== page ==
“He was really ecstatic that he actually got to practice with the starters. That really helped him out a lot with getting acquainted to the speed of the game. Coming out of high school, there’s a difference between preparing in college. He was really excited about that, he was excited about gaining some weight – he really put a lot of weight on. I talked to him twice a week, he was always telling me something new he learned. Got his butt kicked a couple of times, but that’s part of being a freshman. He was really excited about a fresh semester.

“Learning a lot of stuff, he actually got to dress a lot as a redshirt freshman. Of course he didn’t play but he’s really excited about dressing and just being a part of the Gators. Football wise, he’s excited about getting into the rotation this year.”

Despite losing versatile lineman Jonathan Bullard to graduation, the Gators still return a very deep and talented defensive line for the 2016 season. Caleb Brantley and Joey Ivie project to start, with third-year players Taven Bryan, Khairi Clark and Thomas Holley expected to back them up. With Florida not landing a natural defensive tackle in its 2016 recruiting class, as Shavar Manuel flipped to FSU on National Signing Day, Ancrum will have plenty of opportunities to compete against the aforementioned trio of backups for live-game snaps next season at defensive tackle.

In Ancrum, Florida has a promising defensive lineman with plenty of more room to grow.

“I think his potential to be better and bigger and stronger,” Ancrum’s father said. “He hasn’t played much D-tackle in high school so he’s kind of green at it and I think he’s shaping and molding. His potential level is going to be very high. What he’s going to bring to the table? He’s going to bring you 150%. He hates to sit the bench and he’s just one of them kids who’s a student of the game. I told him he has to keep that chip on his shoulder. He came in as a three-star, a lot of schools looked over him. Florida State looked over him. He hates to lose. I just expect for him to playing with a chip on his shoulder. Hopefully he gets in the rotation this year.”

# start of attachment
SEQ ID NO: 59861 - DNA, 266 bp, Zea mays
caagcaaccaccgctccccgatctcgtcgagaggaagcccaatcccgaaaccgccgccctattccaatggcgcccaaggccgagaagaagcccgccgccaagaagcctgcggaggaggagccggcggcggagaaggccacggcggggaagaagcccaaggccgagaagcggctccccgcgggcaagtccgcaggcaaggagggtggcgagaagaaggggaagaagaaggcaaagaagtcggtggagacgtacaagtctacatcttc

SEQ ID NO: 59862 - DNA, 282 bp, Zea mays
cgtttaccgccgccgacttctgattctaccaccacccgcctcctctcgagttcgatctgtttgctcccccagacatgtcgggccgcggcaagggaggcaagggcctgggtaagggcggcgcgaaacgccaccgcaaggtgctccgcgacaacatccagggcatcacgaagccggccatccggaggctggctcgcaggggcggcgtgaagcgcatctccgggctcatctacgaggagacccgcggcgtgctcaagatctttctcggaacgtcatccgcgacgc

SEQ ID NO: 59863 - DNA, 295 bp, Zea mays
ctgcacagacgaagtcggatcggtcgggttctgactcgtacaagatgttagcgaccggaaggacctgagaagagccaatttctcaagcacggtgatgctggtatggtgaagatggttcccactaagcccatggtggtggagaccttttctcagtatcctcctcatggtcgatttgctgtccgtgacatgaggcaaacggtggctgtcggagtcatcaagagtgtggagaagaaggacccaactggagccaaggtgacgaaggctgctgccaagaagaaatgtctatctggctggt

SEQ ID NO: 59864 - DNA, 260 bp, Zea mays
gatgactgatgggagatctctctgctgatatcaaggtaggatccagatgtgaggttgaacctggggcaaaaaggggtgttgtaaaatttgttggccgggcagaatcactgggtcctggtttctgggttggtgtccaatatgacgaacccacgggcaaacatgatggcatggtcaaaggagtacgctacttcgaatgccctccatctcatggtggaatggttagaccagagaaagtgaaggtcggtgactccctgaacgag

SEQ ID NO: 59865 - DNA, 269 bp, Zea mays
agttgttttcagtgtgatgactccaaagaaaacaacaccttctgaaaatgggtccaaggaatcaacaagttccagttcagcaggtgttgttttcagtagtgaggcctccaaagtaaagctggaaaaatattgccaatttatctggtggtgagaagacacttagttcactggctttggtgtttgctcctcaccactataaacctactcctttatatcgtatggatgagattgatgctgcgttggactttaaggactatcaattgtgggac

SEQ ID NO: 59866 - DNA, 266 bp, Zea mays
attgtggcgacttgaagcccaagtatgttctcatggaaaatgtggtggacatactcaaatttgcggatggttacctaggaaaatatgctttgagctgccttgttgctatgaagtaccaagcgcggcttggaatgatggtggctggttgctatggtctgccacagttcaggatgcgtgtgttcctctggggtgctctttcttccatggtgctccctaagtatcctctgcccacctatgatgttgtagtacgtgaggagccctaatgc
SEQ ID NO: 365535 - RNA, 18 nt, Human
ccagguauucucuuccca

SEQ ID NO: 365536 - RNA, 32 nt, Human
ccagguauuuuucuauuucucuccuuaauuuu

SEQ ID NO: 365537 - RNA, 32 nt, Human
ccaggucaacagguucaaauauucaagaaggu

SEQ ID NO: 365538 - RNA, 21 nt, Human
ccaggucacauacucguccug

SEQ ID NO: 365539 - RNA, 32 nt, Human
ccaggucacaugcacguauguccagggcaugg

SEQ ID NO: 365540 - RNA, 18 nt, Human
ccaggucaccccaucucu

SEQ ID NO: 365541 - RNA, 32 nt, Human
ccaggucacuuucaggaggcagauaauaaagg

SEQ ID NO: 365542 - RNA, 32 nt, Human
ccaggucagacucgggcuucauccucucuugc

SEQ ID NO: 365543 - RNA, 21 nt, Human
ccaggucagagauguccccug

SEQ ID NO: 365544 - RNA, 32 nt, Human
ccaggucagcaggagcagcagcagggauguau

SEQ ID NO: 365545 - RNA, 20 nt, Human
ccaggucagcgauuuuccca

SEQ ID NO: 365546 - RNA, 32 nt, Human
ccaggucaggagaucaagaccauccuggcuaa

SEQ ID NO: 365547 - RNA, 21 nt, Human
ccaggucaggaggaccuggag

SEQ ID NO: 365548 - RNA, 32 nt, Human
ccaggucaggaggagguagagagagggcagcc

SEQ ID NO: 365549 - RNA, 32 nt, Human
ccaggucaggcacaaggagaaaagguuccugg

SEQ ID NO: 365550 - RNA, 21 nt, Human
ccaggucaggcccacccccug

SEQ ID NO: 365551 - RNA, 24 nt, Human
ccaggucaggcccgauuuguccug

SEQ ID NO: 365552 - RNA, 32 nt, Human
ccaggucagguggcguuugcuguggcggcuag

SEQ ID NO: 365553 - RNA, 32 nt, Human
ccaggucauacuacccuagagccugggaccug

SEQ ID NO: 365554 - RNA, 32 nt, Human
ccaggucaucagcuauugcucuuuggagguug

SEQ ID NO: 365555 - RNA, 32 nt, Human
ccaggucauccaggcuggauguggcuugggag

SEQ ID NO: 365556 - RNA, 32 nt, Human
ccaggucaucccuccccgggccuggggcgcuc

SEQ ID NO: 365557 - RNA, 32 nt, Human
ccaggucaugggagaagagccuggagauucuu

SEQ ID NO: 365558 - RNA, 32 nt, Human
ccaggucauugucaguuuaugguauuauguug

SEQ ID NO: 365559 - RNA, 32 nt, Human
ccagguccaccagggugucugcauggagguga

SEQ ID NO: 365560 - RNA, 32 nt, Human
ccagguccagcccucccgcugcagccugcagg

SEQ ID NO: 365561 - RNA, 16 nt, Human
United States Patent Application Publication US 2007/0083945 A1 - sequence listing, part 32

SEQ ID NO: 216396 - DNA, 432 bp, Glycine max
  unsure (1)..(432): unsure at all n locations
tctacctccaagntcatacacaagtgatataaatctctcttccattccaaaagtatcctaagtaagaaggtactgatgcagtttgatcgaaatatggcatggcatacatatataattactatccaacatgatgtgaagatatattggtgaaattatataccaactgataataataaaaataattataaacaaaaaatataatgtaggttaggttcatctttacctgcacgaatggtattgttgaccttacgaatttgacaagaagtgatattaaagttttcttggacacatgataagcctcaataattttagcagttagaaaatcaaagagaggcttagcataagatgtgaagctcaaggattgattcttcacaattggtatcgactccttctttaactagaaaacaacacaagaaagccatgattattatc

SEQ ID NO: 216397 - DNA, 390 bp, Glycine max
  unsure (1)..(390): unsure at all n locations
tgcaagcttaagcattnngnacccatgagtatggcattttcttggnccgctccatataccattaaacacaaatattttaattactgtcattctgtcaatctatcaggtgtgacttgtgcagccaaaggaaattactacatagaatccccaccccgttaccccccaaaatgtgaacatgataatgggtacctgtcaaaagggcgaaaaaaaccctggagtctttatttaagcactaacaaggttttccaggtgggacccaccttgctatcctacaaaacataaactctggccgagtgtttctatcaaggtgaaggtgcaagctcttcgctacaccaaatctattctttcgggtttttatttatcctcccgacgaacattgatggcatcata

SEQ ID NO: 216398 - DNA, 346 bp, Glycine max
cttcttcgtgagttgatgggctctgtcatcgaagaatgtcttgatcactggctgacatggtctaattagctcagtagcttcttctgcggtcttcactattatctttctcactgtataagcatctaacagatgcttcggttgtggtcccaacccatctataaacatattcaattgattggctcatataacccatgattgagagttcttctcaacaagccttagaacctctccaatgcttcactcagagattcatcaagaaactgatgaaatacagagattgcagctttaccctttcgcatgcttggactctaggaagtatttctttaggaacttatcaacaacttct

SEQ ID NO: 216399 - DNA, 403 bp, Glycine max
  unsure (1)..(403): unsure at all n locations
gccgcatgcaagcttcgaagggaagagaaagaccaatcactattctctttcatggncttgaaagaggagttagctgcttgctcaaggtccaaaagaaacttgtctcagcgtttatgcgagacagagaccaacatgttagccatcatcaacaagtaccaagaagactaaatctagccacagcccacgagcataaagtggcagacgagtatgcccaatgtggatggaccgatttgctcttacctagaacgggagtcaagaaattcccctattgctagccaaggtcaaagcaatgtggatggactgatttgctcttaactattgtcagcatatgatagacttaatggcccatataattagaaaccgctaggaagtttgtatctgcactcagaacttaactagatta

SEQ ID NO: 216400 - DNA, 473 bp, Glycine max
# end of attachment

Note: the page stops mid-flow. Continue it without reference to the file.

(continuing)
Added Sherita Ancrum: "He's excited about his progression. He's so confident that he tells me, 'Mom, I'm going to be starting next year. Just watch me when I get on the field.' So he's super enthused."

As far as aspects of Ancrum’s game that he wants to continue to polish, at first his father mentioned his overall quickness and his first step.

“That’s a difference - standing up at defensive end,” he said. “He’s going to have to work on his footwork on the inside and all of the hand moves as far as hand-to-hand combat so that’s something he was saying he really wants to focus on. I think he said he wanted to work on staying low, keeping the shoulder pads very low. He’ll be able to accomplish what he sets his mind to. That’s what he said he wants to work on - foot speed, hand-to-hand combat.”

When asked about what Gators fans will find out about Ancrum’s personality once they become more familiar with the redshirt freshman tackle, his father described him as a “joker off the field” but a player who doesn't kid around when the pads come on.

“He likes to tell jokes, he likes to play, but he’s very serious on the field,” the elder Ancrum said. “He’s learning how to turn that switch on and off as far as when it comes down to handle business. But off the field, he’s a practical joker. Really good kid and I’m not just saying that because he’s my son.

“He did a lot of huge stuff in our church when he was here. He actually worked with the toddlers. A big giant like that, 6-6 200-something pounds, working with toddlers so he would take them out to the playground. He loves kids, just a really good kid. He definitely learned how to turn that switch on and off.”